The record further shows that long criminal records are no bar to probation. One such was up for a narcotics rap. He got probation, and the judge even got down off the bench to shake his hand. Within a year the criminal was back at the rail for participating in $20,000 worth of burglaries.

We could go on with the sorry, incredible record, but this gives you an idea.

The bench and bar might well contemplate what this crystallizing pattern does to the morale of police officers.

They might well consider what it does to encourage others to crime.

They might well think of the inherent dangers in this mounting record of probations.

"The quality of mercy is not strained," the poet said. "It droppeth as a gentle rain from Heaven."

Maybe so. But the bench of this region is certainly straining itself as to mercy, and probations are no gentle rain. They have become a downpour which threatens torrential damage to the peace and security of Seattle and the county.

*862 All three defendants moved for a change of venue or in the alternative for a continuance on the grounds that the jury members, who might have had access to the newspaper in question, would be prejudiced by reading this material. The editorial and cartoon, marked "Defendants Exhibit One," were offered to the court solely for purposes of the motion and out of the jury's presence. Through inadvertence, this material went into the jury room with the other exhibits.

[4] The prosecuting attorney subsequently stated in an affidavit that he had contacted three members of the jury who stated that they were not influenced in their deliberations by the editorial. Such a hearsay affidavit by counsel cannot be used to impeach a jury verdict. Cox v. Charles Wright Academy, ante p. 173, 422 P.2d 515 (1967). For similar reasons, a verdict cannot be sustained by such an affidavit. State v. Burke, 124 Wash. 632, 215 Pac. 31 (1923). The situation would be no different if the affidavits were those of the jurors themselves. State v. Adamo, 128 Wash. 419, 223 Pac. 9 (1924).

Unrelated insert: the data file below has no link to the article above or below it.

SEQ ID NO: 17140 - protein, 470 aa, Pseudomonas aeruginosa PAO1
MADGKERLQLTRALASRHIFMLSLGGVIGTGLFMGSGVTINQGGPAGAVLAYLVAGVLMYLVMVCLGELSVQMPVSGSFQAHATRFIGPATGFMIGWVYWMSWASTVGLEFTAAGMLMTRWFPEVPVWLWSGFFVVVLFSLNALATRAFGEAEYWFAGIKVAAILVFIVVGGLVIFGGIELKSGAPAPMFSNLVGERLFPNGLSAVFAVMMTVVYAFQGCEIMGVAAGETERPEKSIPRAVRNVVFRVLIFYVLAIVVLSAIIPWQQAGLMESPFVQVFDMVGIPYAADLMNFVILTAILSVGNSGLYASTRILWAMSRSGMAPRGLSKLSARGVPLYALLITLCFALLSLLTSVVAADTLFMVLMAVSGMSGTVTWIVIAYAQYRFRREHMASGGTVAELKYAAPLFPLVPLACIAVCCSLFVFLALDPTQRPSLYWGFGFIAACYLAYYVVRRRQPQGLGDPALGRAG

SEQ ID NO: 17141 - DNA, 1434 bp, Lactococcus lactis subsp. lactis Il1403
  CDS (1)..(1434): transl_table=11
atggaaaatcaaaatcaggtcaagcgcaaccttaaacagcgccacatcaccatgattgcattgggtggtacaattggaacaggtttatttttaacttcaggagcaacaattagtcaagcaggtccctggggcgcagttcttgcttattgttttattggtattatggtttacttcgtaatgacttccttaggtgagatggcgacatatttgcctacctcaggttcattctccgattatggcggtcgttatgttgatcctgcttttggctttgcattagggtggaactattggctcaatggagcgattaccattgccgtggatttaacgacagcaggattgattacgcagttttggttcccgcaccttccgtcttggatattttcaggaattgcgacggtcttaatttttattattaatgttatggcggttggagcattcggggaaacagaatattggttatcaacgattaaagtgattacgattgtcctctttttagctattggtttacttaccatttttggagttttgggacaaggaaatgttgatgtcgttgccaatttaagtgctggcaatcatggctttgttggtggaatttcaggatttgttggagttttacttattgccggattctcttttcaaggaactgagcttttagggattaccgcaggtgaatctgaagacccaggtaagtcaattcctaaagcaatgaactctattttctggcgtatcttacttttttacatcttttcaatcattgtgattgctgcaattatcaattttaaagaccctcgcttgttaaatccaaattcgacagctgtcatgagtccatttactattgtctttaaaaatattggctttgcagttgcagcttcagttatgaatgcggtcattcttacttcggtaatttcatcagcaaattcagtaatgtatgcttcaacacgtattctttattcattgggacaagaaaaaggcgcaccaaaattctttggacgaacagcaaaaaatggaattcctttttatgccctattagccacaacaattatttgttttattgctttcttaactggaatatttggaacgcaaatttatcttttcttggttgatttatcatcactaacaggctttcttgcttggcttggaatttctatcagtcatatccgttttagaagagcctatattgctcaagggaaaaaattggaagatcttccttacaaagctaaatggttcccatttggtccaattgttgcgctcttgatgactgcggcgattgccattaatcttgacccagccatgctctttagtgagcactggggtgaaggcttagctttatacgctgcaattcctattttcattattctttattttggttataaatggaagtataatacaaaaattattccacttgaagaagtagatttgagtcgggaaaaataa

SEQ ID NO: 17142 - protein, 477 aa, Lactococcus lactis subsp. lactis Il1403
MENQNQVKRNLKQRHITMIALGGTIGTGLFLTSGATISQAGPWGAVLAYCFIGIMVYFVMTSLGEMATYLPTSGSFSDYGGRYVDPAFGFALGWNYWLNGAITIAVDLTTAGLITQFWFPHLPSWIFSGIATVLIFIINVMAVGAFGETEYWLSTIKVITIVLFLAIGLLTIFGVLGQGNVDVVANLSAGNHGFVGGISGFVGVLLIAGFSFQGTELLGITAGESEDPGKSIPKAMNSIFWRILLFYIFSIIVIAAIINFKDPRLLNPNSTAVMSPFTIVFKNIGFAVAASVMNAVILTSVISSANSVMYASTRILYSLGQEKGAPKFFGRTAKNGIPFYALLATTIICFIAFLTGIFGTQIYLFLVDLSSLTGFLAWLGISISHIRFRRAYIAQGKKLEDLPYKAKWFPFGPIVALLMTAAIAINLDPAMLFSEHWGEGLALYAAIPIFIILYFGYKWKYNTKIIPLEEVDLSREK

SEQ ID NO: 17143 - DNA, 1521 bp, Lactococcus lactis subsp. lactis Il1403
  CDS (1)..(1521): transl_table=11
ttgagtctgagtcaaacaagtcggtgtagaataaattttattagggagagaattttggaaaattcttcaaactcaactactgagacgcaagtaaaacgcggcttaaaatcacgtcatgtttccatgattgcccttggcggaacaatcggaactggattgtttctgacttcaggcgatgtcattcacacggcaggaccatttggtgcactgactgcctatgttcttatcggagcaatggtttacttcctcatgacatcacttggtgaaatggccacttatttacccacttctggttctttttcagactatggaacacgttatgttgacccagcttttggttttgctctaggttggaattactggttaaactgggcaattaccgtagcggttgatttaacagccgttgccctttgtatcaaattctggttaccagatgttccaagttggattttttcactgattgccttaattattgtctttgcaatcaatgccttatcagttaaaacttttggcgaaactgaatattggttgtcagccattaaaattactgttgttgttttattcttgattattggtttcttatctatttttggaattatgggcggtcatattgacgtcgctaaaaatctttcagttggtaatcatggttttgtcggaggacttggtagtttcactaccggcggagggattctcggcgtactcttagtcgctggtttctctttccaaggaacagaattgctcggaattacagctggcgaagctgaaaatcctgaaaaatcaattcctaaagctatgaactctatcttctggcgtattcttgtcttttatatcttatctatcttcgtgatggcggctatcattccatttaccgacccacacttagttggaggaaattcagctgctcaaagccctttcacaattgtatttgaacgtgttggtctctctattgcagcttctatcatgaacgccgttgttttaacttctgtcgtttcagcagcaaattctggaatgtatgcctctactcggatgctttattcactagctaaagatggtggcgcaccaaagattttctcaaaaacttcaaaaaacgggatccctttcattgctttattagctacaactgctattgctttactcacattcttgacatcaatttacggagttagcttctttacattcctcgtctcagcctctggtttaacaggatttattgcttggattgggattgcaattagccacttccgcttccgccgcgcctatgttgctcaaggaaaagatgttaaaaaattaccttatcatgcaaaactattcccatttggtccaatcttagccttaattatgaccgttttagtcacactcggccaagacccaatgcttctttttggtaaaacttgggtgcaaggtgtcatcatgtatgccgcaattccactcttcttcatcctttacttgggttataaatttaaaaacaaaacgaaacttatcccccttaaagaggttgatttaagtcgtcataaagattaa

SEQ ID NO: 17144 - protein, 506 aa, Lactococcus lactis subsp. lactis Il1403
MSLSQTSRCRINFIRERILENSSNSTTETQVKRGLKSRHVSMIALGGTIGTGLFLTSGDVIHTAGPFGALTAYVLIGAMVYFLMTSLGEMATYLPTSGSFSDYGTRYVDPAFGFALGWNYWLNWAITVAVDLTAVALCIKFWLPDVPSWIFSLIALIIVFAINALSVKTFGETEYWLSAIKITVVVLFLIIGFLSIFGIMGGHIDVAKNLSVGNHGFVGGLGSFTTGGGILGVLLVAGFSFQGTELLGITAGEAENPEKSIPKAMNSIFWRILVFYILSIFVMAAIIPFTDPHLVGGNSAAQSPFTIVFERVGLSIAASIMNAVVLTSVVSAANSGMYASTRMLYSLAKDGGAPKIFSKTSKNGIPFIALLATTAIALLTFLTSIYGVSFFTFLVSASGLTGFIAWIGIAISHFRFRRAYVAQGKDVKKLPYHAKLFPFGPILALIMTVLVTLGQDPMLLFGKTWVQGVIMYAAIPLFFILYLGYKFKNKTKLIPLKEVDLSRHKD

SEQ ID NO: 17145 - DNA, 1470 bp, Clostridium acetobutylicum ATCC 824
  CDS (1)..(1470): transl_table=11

[5] The newspaper material clearly should not have gone to the jury room. This court has stated that consideration of any material by a jury not properly admitted as evidence vitiates a verdict when there is a reasonable ground to believe that the defendant may have been prejudiced. State v. Burke, supra. See also State v. Boggs, 33 Wn.2d 921, 207 P.2d 743 (1949), and Marshall v. United States, 360 U.S. 310 (1959). In McCarthy, Fair Trial and Prejudicial Publicity: A Need for Reform, 17 Hasting L.J. 79 (1965), the author comments with approval on the Marshall holding that consideration by jury members of any material, the admission of which at trial would be reversible error, is inherently prejudicial.

Here we have a case where not just the character of the defendant was attacked, but rather the alleged leniency of the judicial process in regard to criminals. The material published in the newspaper was clearly intended to influence the readers of it to be concerned about the purported *863 leniency to alleged criminals of Seattle area judges. It was so calculated that it may well have evoked in jury members feelings or convictions of the necessity for being stricter and less careful about observing legal principles and procedure in dealing with defendants accused of crime. We think the material was very likely indeed to prejudice the cause of the defendants in this case. We cannot accept the state's argument that, since the material was marked as a defense exhibit, it would therefore, as a matter of course, be considered in the light most favorable to the defendants. Nor do we agree that defense counsel had a duty to check the exhibits before they went to the jury in view of the existing practice to the contrary.

We are convinced that the defendants were unable to meet or cope with the prejudicial effect of the material. The jury had no guidelines or specific instructions regarding it. Under the circumstances, we will not speculate at great risk to the defendants. We feel compelled to assume that the requisite balance of impartiality was upset. We note particularly that this is not a case, such as State v. Adamo, 128 Wash. 419, 223 Pac. 9 (1924), where the jury was instructed not to consider the extraneous newspaper material, and could be presumed not to have done so, since it was a matter outside the evidence. Nor do we have a case, such as State v. Harris, 62 Wn.2d 858, 385 P.2d 18 (1963), where interrogation of the jury by the trial court established that no jury member had read the questionable portion of a newspaper article which was found in the jury room. In the instant case, the jury was in effect instructed to consider the very likely prejudicial material since it was marked as an exhibit and they were specifically instructed to consider all the exhibits. We can only presume that the members of the jury did as they were instructed.

The convictions should be reversed and the case remanded for a new trial free from potential taint, by the extraneous material inadvertently before the jury in this case. It is so ordered.

*864 WEAVER, ROSELLINI, and HAMILTON, JJ., and BARNETT, J. Pro Tem., concur.

May 29, 1967. Petition for rehearing denied.

NOTES

[*] Reported in 425 P.2d 658.